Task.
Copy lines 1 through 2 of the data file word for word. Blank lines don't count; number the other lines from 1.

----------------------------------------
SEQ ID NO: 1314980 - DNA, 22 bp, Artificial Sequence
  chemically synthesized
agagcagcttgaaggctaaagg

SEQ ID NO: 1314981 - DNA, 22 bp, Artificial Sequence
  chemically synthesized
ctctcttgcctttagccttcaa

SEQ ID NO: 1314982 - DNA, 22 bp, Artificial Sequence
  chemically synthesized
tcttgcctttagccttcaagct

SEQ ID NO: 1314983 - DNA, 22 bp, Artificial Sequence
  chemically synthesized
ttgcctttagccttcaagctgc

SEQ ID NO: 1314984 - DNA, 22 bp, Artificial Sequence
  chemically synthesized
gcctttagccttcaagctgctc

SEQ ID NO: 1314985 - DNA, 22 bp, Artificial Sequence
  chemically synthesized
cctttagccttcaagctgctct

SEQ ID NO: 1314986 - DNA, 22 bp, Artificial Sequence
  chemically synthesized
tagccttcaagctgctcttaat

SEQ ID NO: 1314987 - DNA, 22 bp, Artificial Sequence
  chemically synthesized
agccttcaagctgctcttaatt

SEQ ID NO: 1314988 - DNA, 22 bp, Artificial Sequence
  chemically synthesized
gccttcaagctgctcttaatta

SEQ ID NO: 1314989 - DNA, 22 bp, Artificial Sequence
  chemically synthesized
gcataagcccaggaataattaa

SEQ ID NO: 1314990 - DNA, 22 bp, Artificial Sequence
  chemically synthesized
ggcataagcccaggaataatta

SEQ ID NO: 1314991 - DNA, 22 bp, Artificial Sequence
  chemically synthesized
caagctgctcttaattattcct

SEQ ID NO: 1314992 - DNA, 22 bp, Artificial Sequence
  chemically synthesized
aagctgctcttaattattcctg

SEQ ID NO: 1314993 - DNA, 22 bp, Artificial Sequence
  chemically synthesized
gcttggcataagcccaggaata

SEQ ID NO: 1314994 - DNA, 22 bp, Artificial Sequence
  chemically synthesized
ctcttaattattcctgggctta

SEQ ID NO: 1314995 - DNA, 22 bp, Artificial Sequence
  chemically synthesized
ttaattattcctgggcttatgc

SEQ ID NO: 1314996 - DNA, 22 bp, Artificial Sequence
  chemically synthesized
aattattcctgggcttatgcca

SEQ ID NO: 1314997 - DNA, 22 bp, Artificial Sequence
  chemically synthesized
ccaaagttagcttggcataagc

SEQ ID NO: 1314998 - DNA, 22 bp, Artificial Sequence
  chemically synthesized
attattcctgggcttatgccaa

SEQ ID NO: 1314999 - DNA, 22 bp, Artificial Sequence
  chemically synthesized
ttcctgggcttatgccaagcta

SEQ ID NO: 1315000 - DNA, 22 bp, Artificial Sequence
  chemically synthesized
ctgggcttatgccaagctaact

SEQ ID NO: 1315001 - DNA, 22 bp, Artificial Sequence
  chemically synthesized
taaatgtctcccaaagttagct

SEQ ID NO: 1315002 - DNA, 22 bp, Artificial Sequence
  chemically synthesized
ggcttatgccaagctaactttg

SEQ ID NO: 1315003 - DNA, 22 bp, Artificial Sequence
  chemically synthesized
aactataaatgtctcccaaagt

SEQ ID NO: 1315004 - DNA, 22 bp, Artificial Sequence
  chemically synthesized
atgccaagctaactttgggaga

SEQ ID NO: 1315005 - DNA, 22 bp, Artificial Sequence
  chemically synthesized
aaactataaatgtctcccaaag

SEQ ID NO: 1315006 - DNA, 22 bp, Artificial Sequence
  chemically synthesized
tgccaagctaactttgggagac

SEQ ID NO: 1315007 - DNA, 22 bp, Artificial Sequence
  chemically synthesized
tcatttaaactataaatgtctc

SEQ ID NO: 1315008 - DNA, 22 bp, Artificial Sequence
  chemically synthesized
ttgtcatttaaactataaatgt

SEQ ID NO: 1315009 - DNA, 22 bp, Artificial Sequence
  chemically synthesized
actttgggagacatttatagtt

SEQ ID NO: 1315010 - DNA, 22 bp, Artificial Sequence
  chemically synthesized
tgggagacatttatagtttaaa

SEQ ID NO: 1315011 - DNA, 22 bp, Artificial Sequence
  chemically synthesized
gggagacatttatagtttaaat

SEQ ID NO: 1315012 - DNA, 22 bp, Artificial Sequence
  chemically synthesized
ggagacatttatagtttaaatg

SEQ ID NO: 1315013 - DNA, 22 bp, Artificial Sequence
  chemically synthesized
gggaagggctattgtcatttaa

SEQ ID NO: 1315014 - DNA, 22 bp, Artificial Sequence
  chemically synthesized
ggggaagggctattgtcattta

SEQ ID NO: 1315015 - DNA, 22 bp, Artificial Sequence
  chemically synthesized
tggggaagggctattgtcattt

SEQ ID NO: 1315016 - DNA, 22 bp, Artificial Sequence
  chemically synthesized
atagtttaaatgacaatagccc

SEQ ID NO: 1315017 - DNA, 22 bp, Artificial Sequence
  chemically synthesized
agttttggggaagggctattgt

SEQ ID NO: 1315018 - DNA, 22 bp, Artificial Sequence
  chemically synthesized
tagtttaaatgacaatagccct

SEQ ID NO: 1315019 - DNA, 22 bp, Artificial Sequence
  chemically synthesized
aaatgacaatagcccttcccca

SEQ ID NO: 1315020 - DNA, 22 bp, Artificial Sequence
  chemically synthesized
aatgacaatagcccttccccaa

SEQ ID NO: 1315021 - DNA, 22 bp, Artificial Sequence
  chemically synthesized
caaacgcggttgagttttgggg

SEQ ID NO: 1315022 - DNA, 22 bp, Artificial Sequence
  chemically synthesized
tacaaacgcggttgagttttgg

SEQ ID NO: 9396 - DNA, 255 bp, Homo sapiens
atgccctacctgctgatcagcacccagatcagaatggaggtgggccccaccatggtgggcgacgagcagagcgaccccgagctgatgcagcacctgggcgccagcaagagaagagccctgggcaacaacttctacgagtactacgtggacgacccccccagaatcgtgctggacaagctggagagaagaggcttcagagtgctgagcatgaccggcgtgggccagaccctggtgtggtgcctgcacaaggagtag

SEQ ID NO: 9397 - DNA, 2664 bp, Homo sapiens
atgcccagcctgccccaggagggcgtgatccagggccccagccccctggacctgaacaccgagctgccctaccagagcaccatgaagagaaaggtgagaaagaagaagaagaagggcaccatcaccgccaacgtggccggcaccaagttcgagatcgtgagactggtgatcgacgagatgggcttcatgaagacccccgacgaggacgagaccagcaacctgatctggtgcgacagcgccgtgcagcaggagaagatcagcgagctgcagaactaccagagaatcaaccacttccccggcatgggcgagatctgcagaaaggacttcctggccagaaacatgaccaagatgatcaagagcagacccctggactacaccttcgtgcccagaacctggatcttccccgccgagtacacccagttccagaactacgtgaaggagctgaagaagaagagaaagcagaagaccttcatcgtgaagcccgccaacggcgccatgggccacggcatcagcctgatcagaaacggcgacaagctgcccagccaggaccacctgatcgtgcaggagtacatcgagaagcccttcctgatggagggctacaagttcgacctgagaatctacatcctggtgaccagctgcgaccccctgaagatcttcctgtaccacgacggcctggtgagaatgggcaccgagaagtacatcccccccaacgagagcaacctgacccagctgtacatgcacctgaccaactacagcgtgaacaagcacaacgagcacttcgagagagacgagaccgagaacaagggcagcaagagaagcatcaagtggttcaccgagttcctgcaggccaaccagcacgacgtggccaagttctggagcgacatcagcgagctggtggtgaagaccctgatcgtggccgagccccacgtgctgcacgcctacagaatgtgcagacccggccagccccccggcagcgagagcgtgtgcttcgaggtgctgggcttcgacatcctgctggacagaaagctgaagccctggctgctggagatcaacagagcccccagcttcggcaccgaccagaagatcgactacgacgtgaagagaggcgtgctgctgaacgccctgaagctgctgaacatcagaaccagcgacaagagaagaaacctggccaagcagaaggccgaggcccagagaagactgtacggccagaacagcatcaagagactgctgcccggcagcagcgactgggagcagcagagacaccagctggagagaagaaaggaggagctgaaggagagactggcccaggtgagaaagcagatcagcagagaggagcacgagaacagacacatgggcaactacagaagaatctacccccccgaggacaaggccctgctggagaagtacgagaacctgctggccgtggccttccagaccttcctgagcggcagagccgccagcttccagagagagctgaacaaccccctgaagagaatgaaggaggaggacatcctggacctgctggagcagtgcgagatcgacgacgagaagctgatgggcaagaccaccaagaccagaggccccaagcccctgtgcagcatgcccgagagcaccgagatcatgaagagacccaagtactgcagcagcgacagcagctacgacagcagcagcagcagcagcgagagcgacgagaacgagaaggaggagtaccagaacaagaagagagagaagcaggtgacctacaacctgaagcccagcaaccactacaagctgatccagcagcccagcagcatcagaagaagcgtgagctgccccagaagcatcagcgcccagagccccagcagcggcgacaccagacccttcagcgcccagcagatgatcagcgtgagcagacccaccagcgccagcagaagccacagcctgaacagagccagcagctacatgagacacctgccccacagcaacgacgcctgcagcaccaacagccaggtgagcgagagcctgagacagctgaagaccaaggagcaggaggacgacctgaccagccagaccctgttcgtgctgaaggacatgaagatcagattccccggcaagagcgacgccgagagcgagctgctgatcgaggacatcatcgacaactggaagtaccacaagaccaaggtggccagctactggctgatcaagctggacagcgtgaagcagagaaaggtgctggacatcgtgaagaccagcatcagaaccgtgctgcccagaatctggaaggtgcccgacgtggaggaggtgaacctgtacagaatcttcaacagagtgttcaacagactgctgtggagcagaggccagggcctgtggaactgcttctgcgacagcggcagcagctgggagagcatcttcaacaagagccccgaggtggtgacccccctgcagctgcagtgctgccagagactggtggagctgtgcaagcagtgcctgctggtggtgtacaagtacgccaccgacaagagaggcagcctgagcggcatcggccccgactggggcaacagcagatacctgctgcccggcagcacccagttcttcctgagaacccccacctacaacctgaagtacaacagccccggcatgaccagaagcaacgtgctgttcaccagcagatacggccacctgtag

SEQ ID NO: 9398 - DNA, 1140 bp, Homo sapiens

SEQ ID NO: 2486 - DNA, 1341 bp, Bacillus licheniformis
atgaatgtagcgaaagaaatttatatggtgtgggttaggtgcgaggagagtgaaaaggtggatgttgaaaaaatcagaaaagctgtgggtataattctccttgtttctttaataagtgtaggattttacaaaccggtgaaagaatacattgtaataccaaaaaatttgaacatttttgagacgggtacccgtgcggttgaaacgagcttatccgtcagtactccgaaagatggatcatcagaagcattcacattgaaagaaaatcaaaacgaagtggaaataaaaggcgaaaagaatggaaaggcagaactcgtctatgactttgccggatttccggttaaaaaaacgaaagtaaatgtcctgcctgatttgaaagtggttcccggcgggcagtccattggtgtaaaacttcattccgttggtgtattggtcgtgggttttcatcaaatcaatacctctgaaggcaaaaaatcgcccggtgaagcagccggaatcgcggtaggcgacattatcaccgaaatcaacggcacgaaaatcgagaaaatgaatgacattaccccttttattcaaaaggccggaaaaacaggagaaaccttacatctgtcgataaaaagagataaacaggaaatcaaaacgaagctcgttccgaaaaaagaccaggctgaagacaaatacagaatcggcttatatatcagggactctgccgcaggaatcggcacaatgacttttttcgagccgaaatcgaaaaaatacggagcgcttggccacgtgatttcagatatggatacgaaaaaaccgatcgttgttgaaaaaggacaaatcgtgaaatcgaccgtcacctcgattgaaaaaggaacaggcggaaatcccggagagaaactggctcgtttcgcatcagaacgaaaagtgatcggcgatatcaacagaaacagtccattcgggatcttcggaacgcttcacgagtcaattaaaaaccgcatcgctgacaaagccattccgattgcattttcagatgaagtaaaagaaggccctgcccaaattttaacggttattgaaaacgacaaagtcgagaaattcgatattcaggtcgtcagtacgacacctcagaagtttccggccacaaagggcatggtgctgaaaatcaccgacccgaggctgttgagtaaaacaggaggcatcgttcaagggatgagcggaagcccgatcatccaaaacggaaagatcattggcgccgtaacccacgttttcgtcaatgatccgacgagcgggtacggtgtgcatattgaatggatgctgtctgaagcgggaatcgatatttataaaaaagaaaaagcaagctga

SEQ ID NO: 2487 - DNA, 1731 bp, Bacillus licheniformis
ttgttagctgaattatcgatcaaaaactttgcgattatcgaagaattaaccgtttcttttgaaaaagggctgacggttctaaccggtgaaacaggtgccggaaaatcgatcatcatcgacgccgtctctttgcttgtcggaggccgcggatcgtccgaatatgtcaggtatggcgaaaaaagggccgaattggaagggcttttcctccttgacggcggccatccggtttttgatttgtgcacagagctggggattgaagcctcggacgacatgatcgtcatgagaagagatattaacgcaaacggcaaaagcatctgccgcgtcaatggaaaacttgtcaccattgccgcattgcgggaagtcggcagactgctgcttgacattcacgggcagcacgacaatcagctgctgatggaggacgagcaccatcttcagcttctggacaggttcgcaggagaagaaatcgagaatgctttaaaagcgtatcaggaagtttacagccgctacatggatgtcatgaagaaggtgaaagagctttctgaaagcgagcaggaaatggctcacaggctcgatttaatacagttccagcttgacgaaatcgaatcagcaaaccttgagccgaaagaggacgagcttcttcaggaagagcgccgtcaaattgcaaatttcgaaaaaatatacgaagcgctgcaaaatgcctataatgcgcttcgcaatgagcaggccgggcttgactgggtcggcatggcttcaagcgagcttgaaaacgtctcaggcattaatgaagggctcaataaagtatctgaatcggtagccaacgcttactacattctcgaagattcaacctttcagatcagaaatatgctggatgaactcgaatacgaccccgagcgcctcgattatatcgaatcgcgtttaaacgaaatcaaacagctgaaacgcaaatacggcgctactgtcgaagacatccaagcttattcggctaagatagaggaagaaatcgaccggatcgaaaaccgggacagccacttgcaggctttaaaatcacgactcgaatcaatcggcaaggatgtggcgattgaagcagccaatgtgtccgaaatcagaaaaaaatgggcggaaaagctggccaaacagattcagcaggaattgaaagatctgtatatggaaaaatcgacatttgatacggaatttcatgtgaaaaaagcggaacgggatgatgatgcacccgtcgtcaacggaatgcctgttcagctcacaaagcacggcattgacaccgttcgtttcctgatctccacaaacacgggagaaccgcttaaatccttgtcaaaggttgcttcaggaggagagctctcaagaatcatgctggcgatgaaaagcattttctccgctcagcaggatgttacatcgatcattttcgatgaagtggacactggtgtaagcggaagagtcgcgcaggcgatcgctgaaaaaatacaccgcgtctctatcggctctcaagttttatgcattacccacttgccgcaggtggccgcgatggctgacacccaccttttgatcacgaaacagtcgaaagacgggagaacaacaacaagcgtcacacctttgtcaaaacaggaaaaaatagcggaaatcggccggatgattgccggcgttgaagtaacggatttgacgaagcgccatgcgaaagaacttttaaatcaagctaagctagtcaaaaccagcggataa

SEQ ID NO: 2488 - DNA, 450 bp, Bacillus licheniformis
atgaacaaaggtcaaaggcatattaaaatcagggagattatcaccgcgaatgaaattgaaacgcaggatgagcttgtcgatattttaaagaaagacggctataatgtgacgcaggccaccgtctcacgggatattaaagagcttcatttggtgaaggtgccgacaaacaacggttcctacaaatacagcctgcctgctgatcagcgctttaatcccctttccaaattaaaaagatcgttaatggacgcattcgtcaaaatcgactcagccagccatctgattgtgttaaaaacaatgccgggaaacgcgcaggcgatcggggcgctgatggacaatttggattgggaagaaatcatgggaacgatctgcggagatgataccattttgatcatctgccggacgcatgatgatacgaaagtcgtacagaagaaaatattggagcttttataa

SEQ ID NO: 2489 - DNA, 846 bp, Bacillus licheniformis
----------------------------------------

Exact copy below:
SEQ ID NO: 1314980 - DNA, 22 bp, Artificial Sequence
  chemically synthesized